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Appeal made to government watchdog to investigate ‘misleading’ energy efficient Orchard Village Rainham homes

PUBLISHED: 13:19 08 June 2017 | UPDATED: 13:20 12 June 2017

Rainham resident Colin Nickless is angered by the rise in energy bills. Picture Ken Mears

Rainham resident Colin Nickless is angered by the rise in energy bills. Picture Ken Mears

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Residents of a problem-ridden estate have appealed to a government watchdog to investigate claims their homes were missold.

Orchard Village, Rainham, marketing material found on Havering Council’s website states the estate boasts an energy centre that reduces energy consumption by 20pc and reduces energy bills for residents.

Yet around 15 residents have written to the Competition and Markets Authority (CMA) asking for an investigation to be launched after actual energy costs exceeded amounts they believed they would pay.

“Some residents are having to choose between heating and eating,” said chairman of the estate’s residents’ association, Colin Nickless.

“When I bought my home, I was given an energy performance certificate [which says] costs would be around £334 per year [for heating and hot water]. Actual costs on average are between £1,500 and £2,000.”

A council spokeswoman called the online brochure an oversight and said a request for it to be removed from the website had been made.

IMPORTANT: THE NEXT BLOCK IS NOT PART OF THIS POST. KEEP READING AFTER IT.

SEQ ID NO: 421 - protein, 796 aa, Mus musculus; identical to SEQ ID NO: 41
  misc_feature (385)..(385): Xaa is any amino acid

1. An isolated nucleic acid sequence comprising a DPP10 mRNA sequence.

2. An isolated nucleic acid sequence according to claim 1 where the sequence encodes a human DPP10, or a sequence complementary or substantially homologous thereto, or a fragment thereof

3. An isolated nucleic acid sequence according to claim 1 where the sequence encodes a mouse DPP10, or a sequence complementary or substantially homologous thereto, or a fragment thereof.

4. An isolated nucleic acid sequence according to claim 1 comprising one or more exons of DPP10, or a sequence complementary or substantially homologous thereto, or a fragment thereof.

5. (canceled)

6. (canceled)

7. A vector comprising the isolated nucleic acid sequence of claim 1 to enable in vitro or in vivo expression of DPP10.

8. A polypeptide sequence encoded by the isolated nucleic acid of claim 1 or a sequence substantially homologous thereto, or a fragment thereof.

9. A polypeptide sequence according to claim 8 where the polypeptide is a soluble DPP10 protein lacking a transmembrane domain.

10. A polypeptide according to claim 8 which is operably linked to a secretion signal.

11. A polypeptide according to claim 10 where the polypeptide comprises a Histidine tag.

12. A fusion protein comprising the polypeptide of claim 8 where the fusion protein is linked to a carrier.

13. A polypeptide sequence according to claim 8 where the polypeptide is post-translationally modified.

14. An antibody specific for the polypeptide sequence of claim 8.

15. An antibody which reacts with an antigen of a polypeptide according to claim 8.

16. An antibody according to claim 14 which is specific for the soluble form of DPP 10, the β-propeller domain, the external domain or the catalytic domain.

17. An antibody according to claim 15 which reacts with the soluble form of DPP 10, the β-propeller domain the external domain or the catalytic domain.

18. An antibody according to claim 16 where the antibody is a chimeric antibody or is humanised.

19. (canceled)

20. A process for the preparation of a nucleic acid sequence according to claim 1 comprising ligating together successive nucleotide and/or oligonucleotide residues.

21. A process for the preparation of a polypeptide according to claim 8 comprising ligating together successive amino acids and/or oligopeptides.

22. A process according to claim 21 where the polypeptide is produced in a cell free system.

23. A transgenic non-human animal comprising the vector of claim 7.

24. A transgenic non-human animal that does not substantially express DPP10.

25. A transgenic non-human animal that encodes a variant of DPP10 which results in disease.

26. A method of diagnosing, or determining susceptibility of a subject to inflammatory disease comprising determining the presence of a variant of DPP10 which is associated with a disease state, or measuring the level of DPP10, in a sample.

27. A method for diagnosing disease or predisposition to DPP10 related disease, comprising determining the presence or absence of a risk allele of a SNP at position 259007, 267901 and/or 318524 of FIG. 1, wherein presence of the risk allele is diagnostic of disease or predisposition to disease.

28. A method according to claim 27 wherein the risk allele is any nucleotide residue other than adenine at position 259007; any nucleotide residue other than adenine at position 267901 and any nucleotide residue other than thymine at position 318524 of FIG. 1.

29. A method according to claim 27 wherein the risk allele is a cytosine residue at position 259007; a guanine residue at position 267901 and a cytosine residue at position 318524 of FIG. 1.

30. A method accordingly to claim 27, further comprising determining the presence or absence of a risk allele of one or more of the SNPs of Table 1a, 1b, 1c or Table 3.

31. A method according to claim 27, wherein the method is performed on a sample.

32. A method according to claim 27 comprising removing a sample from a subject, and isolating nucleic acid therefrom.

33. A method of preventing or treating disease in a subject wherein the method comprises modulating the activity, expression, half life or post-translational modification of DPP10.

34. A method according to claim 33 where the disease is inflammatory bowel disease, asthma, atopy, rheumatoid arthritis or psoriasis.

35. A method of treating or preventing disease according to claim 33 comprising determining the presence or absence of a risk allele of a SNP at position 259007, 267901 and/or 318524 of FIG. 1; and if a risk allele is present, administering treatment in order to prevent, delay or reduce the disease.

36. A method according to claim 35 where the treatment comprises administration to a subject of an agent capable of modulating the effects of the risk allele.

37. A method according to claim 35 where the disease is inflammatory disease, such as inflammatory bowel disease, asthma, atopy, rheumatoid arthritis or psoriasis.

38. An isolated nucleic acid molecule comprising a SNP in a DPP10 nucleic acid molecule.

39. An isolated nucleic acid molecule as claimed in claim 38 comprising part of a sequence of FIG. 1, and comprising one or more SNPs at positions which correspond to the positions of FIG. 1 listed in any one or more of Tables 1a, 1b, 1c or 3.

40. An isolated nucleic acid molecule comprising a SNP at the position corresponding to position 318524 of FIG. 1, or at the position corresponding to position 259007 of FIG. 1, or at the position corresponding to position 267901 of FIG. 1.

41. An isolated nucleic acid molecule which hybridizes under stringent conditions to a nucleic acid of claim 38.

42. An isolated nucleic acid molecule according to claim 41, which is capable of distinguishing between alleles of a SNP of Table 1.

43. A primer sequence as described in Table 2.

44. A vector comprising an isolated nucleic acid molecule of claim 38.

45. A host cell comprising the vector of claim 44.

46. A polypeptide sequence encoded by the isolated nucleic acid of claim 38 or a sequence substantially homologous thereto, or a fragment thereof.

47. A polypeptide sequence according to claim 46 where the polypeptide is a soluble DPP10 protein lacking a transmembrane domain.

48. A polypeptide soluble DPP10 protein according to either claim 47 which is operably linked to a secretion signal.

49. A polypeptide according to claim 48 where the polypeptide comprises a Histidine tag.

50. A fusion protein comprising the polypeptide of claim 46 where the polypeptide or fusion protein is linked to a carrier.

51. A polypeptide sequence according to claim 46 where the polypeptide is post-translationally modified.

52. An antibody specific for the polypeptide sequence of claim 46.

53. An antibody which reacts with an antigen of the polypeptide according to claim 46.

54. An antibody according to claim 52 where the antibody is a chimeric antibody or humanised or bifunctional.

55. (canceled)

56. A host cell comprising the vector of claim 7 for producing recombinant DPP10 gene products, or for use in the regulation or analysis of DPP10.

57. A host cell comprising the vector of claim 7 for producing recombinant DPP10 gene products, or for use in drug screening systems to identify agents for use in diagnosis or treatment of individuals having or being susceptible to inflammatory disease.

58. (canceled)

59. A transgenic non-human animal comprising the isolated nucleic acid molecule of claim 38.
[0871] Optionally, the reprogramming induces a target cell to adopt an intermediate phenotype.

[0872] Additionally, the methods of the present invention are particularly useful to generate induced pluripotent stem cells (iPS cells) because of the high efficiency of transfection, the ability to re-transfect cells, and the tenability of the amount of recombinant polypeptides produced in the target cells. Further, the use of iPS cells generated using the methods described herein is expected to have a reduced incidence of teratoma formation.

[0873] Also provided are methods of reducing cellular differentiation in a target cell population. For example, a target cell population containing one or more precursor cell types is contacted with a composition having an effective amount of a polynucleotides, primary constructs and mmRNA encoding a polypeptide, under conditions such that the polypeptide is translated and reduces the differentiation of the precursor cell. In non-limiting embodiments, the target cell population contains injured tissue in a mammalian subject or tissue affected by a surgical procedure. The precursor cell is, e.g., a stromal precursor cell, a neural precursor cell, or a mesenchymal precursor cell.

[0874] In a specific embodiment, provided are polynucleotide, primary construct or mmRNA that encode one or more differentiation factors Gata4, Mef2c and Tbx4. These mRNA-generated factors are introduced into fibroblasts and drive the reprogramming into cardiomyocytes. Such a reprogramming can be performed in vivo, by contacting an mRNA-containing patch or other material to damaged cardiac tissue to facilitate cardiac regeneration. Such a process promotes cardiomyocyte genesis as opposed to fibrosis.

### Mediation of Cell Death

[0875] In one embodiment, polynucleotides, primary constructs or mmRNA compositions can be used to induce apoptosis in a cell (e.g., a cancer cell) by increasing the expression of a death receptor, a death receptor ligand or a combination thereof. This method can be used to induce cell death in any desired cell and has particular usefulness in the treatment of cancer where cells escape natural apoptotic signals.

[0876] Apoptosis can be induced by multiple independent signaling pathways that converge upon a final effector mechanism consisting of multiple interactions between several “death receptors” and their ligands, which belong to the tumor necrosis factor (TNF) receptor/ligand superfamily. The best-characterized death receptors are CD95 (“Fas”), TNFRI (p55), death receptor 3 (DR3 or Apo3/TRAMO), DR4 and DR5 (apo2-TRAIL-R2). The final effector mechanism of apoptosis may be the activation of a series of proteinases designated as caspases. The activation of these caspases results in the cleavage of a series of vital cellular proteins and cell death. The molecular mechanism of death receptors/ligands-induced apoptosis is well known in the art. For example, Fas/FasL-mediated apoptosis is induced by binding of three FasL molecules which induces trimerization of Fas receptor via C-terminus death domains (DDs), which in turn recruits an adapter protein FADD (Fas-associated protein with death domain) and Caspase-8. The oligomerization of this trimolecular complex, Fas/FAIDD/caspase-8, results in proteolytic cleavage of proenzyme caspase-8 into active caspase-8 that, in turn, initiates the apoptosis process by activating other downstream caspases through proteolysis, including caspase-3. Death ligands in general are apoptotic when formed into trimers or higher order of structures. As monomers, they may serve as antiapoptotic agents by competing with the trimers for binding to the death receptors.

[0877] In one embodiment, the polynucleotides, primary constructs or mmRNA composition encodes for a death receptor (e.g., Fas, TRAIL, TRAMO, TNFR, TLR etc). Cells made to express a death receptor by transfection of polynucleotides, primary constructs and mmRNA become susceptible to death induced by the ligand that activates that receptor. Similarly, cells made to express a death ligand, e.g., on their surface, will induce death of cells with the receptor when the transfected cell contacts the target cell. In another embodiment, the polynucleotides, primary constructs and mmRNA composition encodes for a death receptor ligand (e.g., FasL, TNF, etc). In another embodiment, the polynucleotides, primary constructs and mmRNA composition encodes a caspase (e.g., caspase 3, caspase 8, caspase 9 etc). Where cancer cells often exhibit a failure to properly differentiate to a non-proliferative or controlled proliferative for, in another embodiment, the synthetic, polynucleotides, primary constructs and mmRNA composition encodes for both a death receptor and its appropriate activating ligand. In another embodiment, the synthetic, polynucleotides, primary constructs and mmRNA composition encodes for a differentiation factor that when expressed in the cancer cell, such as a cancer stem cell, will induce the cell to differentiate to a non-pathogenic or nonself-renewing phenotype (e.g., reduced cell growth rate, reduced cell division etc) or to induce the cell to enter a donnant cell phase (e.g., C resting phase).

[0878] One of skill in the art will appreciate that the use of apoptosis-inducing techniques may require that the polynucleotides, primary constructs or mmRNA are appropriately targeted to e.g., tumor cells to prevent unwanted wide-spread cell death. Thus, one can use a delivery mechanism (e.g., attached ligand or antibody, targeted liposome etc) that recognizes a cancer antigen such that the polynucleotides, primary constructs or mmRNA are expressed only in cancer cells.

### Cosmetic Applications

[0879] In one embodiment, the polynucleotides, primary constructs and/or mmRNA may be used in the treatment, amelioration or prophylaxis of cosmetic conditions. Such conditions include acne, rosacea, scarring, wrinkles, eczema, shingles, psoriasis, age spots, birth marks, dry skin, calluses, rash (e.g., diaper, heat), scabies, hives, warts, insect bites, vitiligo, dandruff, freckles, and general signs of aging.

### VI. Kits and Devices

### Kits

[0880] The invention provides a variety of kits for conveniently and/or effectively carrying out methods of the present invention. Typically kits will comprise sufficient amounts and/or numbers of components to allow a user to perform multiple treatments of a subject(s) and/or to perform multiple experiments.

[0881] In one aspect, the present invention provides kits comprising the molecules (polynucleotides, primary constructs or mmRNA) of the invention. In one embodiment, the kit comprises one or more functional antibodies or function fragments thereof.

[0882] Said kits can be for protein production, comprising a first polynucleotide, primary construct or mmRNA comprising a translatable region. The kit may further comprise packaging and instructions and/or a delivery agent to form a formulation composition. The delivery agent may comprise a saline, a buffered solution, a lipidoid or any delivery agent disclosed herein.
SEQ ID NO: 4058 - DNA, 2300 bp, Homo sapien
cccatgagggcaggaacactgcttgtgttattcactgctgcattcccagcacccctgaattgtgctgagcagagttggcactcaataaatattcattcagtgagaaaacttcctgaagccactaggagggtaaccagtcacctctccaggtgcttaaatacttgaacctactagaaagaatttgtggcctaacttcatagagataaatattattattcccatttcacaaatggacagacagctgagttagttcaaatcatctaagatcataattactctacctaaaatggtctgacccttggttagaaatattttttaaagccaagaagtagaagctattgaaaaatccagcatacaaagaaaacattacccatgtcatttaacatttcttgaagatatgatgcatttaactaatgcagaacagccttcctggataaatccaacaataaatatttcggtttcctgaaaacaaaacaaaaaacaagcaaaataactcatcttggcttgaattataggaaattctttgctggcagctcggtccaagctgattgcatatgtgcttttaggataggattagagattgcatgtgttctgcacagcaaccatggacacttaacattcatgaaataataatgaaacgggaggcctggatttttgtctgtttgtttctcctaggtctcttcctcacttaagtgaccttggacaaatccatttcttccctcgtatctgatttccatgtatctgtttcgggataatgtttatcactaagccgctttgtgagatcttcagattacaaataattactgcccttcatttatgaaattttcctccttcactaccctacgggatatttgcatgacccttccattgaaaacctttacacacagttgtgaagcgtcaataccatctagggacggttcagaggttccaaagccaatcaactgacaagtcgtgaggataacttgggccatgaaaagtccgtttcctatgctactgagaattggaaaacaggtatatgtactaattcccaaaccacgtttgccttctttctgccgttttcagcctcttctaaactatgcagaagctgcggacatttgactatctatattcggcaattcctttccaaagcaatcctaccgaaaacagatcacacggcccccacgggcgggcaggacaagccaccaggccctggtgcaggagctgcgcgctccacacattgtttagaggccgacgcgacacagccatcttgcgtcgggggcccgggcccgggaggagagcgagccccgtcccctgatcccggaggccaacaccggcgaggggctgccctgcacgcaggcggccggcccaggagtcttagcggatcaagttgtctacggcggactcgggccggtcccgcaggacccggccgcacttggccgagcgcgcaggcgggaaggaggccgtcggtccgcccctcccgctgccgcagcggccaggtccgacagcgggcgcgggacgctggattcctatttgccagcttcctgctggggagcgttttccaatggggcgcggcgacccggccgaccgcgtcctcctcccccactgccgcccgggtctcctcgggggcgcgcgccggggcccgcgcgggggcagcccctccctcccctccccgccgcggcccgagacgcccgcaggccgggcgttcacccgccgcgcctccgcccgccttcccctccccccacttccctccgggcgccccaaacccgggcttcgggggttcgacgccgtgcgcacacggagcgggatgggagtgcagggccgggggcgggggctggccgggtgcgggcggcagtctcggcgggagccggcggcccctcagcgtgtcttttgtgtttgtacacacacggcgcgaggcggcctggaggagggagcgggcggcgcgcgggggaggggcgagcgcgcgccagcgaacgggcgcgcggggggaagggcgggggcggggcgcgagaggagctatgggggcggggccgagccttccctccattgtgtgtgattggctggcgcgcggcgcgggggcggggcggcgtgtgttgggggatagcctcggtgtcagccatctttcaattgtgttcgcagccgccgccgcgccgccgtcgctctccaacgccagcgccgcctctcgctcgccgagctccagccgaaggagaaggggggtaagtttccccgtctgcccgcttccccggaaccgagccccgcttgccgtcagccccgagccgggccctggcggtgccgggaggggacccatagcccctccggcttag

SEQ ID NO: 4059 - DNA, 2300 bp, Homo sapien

The innovative district heating system – the energy centre – comprises a network of insulated pipes used to deliver heat, in the form of hot water or steam to homes.

According to a report carried out by Fuel Poverty Action inconjunction with the University of Leeds, the district heating scheme at Orchard Village is the highest in London.

A spokeswoman, for energy suppliers Scottish and Southern Energy (SSE) said: “We are aware that third party marketing material in circulation which has not been endorsed by SSE has been misleading.”

Shockingly, a Clarion Housing Group spokeswoman confirmed residents are locked into a 25-year contract for the supply of heat and hot water and cannot change supplier.

Mr Nickless said he was also unaware when he bought his home that a standing charge of £500 per year for the energy supply also applied.

“My conveyancing solicitor can confirm that at no point during the sales process where we made aware of a standing charge and only given a energy contract on occupation of our home,” he added.

A CMA spokeswoman said: “The CMA is aware of concerns about the district heating sector, and has recently been called on to investigate the sector by The Citizens Advice Bureau.”

In September last year, the Recorder also reported that Mr Nickless had asked the energy ombudsman to investigate the utility costs.


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